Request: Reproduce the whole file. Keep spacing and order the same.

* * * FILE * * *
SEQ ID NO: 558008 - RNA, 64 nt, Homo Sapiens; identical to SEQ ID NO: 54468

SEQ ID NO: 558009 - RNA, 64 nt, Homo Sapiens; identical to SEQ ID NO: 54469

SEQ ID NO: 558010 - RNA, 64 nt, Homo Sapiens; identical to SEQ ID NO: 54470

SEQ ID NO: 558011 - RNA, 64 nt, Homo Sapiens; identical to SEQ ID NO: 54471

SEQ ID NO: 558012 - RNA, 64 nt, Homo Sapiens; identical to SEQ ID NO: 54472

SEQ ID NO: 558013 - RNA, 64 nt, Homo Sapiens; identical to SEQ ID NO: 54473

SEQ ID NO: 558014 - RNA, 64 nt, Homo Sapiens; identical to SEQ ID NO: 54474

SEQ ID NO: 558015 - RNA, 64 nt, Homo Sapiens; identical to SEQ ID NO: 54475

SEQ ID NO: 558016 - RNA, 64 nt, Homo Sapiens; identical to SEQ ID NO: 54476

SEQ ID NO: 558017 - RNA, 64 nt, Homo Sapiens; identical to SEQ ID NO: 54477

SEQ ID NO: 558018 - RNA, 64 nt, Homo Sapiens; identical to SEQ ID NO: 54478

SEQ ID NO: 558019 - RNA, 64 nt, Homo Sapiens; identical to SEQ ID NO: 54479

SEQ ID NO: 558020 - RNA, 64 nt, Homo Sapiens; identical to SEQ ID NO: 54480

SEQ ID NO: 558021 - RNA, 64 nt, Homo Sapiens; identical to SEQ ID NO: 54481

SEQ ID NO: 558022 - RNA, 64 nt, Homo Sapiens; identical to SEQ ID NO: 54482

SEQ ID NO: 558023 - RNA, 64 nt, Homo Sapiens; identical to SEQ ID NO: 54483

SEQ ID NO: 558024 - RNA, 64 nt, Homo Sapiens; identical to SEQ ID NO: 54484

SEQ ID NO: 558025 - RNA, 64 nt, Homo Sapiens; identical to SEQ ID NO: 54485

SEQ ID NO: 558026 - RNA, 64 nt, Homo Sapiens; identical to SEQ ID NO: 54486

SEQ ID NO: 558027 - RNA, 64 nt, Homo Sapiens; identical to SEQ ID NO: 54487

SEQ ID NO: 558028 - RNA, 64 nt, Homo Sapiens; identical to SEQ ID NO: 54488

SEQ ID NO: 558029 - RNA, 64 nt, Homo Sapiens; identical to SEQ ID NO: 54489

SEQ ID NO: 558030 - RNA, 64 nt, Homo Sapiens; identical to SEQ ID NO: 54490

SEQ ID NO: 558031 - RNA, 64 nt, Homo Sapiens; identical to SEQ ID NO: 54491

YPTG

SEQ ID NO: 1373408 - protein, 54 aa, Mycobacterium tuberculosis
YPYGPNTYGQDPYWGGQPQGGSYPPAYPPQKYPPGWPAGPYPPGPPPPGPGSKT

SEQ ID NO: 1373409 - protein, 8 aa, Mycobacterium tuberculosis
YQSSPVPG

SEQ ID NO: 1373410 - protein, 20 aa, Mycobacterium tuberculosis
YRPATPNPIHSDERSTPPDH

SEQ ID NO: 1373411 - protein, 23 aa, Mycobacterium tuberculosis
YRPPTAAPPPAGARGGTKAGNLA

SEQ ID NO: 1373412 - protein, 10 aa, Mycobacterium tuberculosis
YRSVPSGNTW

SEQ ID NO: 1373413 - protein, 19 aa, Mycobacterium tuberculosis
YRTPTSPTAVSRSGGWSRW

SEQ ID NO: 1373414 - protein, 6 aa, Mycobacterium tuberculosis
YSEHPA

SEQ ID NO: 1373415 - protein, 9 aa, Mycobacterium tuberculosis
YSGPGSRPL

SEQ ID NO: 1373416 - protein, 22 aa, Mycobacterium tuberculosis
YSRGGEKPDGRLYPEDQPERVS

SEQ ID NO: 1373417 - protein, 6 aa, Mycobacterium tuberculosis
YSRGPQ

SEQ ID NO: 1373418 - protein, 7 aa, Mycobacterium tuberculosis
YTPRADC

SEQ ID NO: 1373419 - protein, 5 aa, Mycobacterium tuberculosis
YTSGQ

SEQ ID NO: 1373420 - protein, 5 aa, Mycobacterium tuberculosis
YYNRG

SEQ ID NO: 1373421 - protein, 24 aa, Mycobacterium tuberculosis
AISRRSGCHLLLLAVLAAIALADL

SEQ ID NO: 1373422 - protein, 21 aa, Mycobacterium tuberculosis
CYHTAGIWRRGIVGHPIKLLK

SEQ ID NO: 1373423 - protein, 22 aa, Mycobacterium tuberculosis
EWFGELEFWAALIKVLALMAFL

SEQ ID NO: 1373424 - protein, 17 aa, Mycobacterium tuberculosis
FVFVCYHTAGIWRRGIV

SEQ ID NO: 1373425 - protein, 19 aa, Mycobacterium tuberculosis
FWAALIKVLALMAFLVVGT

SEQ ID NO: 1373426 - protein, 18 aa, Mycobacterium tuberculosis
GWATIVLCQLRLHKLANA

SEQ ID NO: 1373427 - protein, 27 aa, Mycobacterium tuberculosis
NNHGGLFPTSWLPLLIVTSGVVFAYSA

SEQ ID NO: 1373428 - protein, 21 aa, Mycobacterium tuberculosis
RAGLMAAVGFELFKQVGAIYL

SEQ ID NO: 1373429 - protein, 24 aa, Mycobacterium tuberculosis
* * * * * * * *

SEQ ID NO: 558008 - RNA, 64 nt, Homo Sapiens; identical to SEQ ID NO: 54468

SEQ ID NO: 558009 - RNA, 64 nt, Homo Sapiens; identical to SEQ ID NO: 54469

SEQ ID NO: 558010 - RNA, 64 nt, Homo Sapiens; identical to SEQ ID NO: 54470

SEQ ID NO: 558011 - RNA, 64 nt, Homo Sapiens; identical to SEQ ID NO: 54471

SEQ ID NO: 558012 - RNA, 64 nt, Homo Sapiens; identical to SEQ ID NO: 54472

SEQ ID NO: 558013 - RNA, 64 nt, Homo Sapiens; identical to SEQ ID NO: 54473

SEQ ID NO: 558014 - RNA, 64 nt, Homo Sapiens; identical to SEQ ID NO: 54474

SEQ ID NO: 558015 - RNA, 64 nt, Homo Sapiens; identical to SEQ ID NO: 54475

SEQ ID NO: 558016 - RNA, 64 nt, Homo Sapiens; identical to SEQ ID NO: 54476

SEQ ID NO: 558017 - RNA, 64 nt, Homo Sapiens; identical to SEQ ID NO: 54477

SEQ ID NO: 558018 - RNA, 64 nt, Homo Sapiens; identical to SEQ ID NO: 54478

SEQ ID NO: 558019 - RNA, 64 nt, Homo Sapiens; identical to SEQ ID NO: 54479

SEQ ID NO: 558020 - RNA, 64 nt, Homo Sapiens; identical to SEQ ID NO: 54480

SEQ ID NO: 558021 - RNA, 64 nt, Homo Sapiens; identical to SEQ ID NO: 54481

SEQ ID NO: 558022 - RNA, 64 nt, Homo Sapiens; identical to SEQ ID NO: 54482

SEQ ID NO: 558023 - RNA, 64 nt, Homo Sapiens; identical to SEQ ID NO: 54483

SEQ ID NO: 558024 - RNA, 64 nt, Homo Sapiens; identical to SEQ ID NO: 54484

SEQ ID NO: 558025 - RNA, 64 nt, Homo Sapiens; identical to SEQ ID NO: 54485

SEQ ID NO: 558026 - RNA, 64 nt, Homo Sapiens; identical to SEQ ID NO: 54486

SEQ ID NO: 558027 - RNA, 64 nt, Homo Sapiens; identical to SEQ ID NO: 54487

SEQ ID NO: 558028 - RNA, 64 nt, Homo Sapiens; identical to SEQ ID NO: 54488

SEQ ID NO: 558029 - RNA, 64 nt, Homo Sapiens; identical to SEQ ID NO: 54489

SEQ ID NO: 558030 - RNA, 64 nt, Homo Sapiens; identical to SEQ ID NO: 54490

SEQ ID NO: 558031 - RNA, 64 nt, Homo Sapiens; identical to SEQ ID NO: 54491

YPTG

SEQ ID NO: 1373408 - protein, 54 aa, Mycobacterium tuberculosis
YPYGPNTYGQDPYWGGQPQGGSYPPAYPPQKYPPGWPAGPYPPGPPPPGPGSKT

SEQ ID NO: 1373409 - protein, 8 aa, Mycobacterium tuberculosis
YQSSPVPG

SEQ ID NO: 1373410 - protein, 20 aa, Mycobacterium tuberculosis
YRPATPNPIHSDERSTPPDH

SEQ ID NO: 1373411 - protein, 23 aa, Mycobacterium tuberculosis
YRPPTAAPPPAGARGGTKAGNLA

SEQ ID NO: 1373412 - protein, 10 aa, Mycobacterium tuberculosis
YRSVPSGNTW

SEQ ID NO: 1373413 - protein, 19 aa, Mycobacterium tuberculosis
YRTPTSPTAVSRSGGWSRW

SEQ ID NO: 1373414 - protein, 6 aa, Mycobacterium tuberculosis
YSEHPA

SEQ ID NO: 1373415 - protein, 9 aa, Mycobacterium tuberculosis
YSGPGSRPL

SEQ ID NO: 1373416 - protein, 22 aa, Mycobacterium tuberculosis
YSRGGEKPDGRLYPEDQPERVS

SEQ ID NO: 1373417 - protein, 6 aa, Mycobacterium tuberculosis
YSRGPQ

SEQ ID NO: 1373418 - protein, 7 aa, Mycobacterium tuberculosis
YTPRADC

SEQ ID NO: 1373419 - protein, 5 aa, Mycobacterium tuberculosis
YTSGQ

SEQ ID NO: 1373420 - protein, 5 aa, Mycobacterium tuberculosis
YYNRG

SEQ ID NO: 1373421 - protein, 24 aa, Mycobacterium tuberculosis
AISRRSGCHLLLLAVLAAIALADL

SEQ ID NO: 1373422 - protein, 21 aa, Mycobacterium tuberculosis
CYHTAGIWRRGIVGHPIKLLK

SEQ ID NO: 1373423 - protein, 22 aa, Mycobacterium tuberculosis
EWFGELEFWAALIKVLALMAFL

SEQ ID NO: 1373424 - protein, 17 aa, Mycobacterium tuberculosis
FVFVCYHTAGIWRRGIV

SEQ ID NO: 1373425 - protein, 19 aa, Mycobacterium tuberculosis
FWAALIKVLALMAFLVVGT

SEQ ID NO: 1373426 - protein, 18 aa, Mycobacterium tuberculosis
GWATIVLCQLRLHKLANA

SEQ ID NO: 1373427 - protein, 27 aa, Mycobacterium tuberculosis
NNHGGLFPTSWLPLLIVTSGVVFAYSA

SEQ ID NO: 1373428 - protein, 21 aa, Mycobacterium tuberculosis
RAGLMAAVGFELFKQVGAIYL

SEQ ID NO: 1373429 - protein, 24 aa, Mycobacterium tuberculosis